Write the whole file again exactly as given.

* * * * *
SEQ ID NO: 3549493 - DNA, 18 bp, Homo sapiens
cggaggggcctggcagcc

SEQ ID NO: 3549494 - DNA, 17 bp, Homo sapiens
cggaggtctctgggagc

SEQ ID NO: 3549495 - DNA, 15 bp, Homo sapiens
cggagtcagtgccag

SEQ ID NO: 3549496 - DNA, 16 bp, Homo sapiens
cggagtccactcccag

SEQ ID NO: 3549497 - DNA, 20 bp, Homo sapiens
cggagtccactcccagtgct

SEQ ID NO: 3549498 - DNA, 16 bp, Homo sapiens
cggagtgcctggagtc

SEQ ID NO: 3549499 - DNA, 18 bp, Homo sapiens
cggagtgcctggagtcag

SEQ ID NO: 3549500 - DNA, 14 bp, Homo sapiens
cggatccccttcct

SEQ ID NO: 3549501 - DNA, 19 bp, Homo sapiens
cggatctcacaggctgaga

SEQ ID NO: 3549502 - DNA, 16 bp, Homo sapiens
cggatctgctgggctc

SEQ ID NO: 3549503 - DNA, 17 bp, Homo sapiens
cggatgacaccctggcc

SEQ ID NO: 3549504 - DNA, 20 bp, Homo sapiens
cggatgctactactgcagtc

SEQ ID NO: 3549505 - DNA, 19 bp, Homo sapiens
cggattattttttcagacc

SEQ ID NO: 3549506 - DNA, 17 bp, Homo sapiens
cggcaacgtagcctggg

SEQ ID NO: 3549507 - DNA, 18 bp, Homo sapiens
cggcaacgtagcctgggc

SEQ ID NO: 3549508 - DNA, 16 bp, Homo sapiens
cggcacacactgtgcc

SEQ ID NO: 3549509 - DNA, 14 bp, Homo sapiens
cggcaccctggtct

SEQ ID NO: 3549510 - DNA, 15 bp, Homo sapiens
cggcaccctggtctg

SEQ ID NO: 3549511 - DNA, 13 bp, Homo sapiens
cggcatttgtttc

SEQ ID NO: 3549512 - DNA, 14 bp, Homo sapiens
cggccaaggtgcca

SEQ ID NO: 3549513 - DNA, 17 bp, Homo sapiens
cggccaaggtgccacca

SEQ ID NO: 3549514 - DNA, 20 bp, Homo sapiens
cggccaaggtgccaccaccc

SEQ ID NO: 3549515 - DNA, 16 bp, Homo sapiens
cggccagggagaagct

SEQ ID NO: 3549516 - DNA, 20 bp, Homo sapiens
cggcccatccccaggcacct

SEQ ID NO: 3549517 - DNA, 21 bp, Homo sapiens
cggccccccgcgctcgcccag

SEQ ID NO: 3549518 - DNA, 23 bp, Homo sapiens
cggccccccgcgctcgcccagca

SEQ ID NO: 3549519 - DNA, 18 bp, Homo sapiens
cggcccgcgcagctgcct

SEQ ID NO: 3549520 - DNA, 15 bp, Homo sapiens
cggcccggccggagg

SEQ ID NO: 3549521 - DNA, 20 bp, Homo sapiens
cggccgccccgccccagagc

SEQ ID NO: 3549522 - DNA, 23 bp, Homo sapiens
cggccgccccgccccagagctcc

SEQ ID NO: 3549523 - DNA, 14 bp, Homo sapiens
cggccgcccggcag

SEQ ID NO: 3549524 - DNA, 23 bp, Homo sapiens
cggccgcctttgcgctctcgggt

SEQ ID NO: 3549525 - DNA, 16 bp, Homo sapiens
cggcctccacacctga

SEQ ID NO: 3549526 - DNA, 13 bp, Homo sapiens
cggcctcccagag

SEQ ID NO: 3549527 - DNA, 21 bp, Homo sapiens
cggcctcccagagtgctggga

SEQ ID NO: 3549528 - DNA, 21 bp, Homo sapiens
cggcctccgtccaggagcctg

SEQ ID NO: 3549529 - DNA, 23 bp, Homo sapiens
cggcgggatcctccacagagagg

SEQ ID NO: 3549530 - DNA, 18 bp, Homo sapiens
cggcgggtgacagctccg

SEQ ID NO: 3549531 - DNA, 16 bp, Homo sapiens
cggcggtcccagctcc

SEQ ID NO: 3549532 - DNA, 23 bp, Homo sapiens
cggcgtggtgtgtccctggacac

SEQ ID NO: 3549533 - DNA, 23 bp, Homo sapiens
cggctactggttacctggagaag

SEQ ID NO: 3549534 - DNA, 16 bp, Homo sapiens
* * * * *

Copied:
SEQ ID NO: 3549493 - DNA, 18 bp, Homo sapiens
cggaggggcctggcagcc

SEQ ID NO: 3549494 - DNA, 17 bp, Homo sapiens
cggaggtctctgggagc

SEQ ID NO: 3549495 - DNA, 15 bp, Homo sapiens
cggagtcagtgccag

SEQ ID NO: 3549496 - DNA, 16 bp, Homo sapiens
cggagtccactcccag

SEQ ID NO: 3549497 - DNA, 20 bp, Homo sapiens
cggagtccactcccagtgct

SEQ ID NO: 3549498 - DNA, 16 bp, Homo sapiens
cggagtgcctggagtc

SEQ ID NO: 3549499 - DNA, 18 bp, Homo sapiens
cggagtgcctggagtcag

SEQ ID NO: 3549500 - DNA, 14 bp, Homo sapiens
cggatccccttcct

SEQ ID NO: 3549501 - DNA, 19 bp, Homo sapiens
cggatctcacaggctgaga

SEQ ID NO: 3549502 - DNA, 16 bp, Homo sapiens
cggatctgctgggctc

SEQ ID NO: 3549503 - DNA, 17 bp, Homo sapiens
cggatgacaccctggcc

SEQ ID NO: 3549504 - DNA, 20 bp, Homo sapiens
cggatgctactactgcagtc

SEQ ID NO: 3549505 - DNA, 19 bp, Homo sapiens
cggattattttttcagacc

SEQ ID NO: 3549506 - DNA, 17 bp, Homo sapiens
cggcaacgtagcctggg

SEQ ID NO: 3549507 - DNA, 18 bp, Homo sapiens
cggcaacgtagcctgggc

SEQ ID NO: 3549508 - DNA, 16 bp, Homo sapiens
cggcacacactgtgcc

SEQ ID NO: 3549509 - DNA, 14 bp, Homo sapiens
cggcaccctggtct

SEQ ID NO: 3549510 - DNA, 15 bp, Homo sapiens
cggcaccctggtctg

SEQ ID NO: 3549511 - DNA, 13 bp, Homo sapiens
cggcatttgtttc

SEQ ID NO: 3549512 - DNA, 14 bp, Homo sapiens
cggccaaggtgcca

SEQ ID NO: 3549513 - DNA, 17 bp, Homo sapiens
cggccaaggtgccacca

SEQ ID NO: 3549514 - DNA, 20 bp, Homo sapiens
cggccaaggtgccaccaccc

SEQ ID NO: 3549515 - DNA, 16 bp, Homo sapiens
cggccagggagaagct

SEQ ID NO: 3549516 - DNA, 20 bp, Homo sapiens
cggcccatccccaggcacct

SEQ ID NO: 3549517 - DNA, 21 bp, Homo sapiens
cggccccccgcgctcgcccag

SEQ ID NO: 3549518 - DNA, 23 bp, Homo sapiens
cggccccccgcgctcgcccagca

SEQ ID NO: 3549519 - DNA, 18 bp, Homo sapiens
cggcccgcgcagctgcct

SEQ ID NO: 3549520 - DNA, 15 bp, Homo sapiens
cggcccggccggagg

SEQ ID NO: 3549521 - DNA, 20 bp, Homo sapiens
cggccgccccgccccagagc

SEQ ID NO: 3549522 - DNA, 23 bp, Homo sapiens
cggccgccccgccccagagctcc

SEQ ID NO: 3549523 - DNA, 14 bp, Homo sapiens
cggccgcccggcag

SEQ ID NO: 3549524 - DNA, 23 bp, Homo sapiens
cggccgcctttgcgctctcgggt

SEQ ID NO: 3549525 - DNA, 16 bp, Homo sapiens
cggcctccacacctga

SEQ ID NO: 3549526 - DNA, 13 bp, Homo sapiens
cggcctcccagag

SEQ ID NO: 3549527 - DNA, 21 bp, Homo sapiens
cggcctcccagagtgctggga

SEQ ID NO: 3549528 - DNA, 21 bp, Homo sapiens
cggcctccgtccaggagcctg

SEQ ID NO: 3549529 - DNA, 23 bp, Homo sapiens
cggcgggatcctccacagagagg

SEQ ID NO: 3549530 - DNA, 18 bp, Homo sapiens
cggcgggtgacagctccg

SEQ ID NO: 3549531 - DNA, 16 bp, Homo sapiens
cggcggtcccagctcc

SEQ ID NO: 3549532 - DNA, 23 bp, Homo sapiens
cggcgtggtgtgtccctggacac

SEQ ID NO: 3549533 - DNA, 23 bp, Homo sapiens
cggctactggttacctggagaag

SEQ ID NO: 3549534 - DNA, 16 bp, Homo sapiens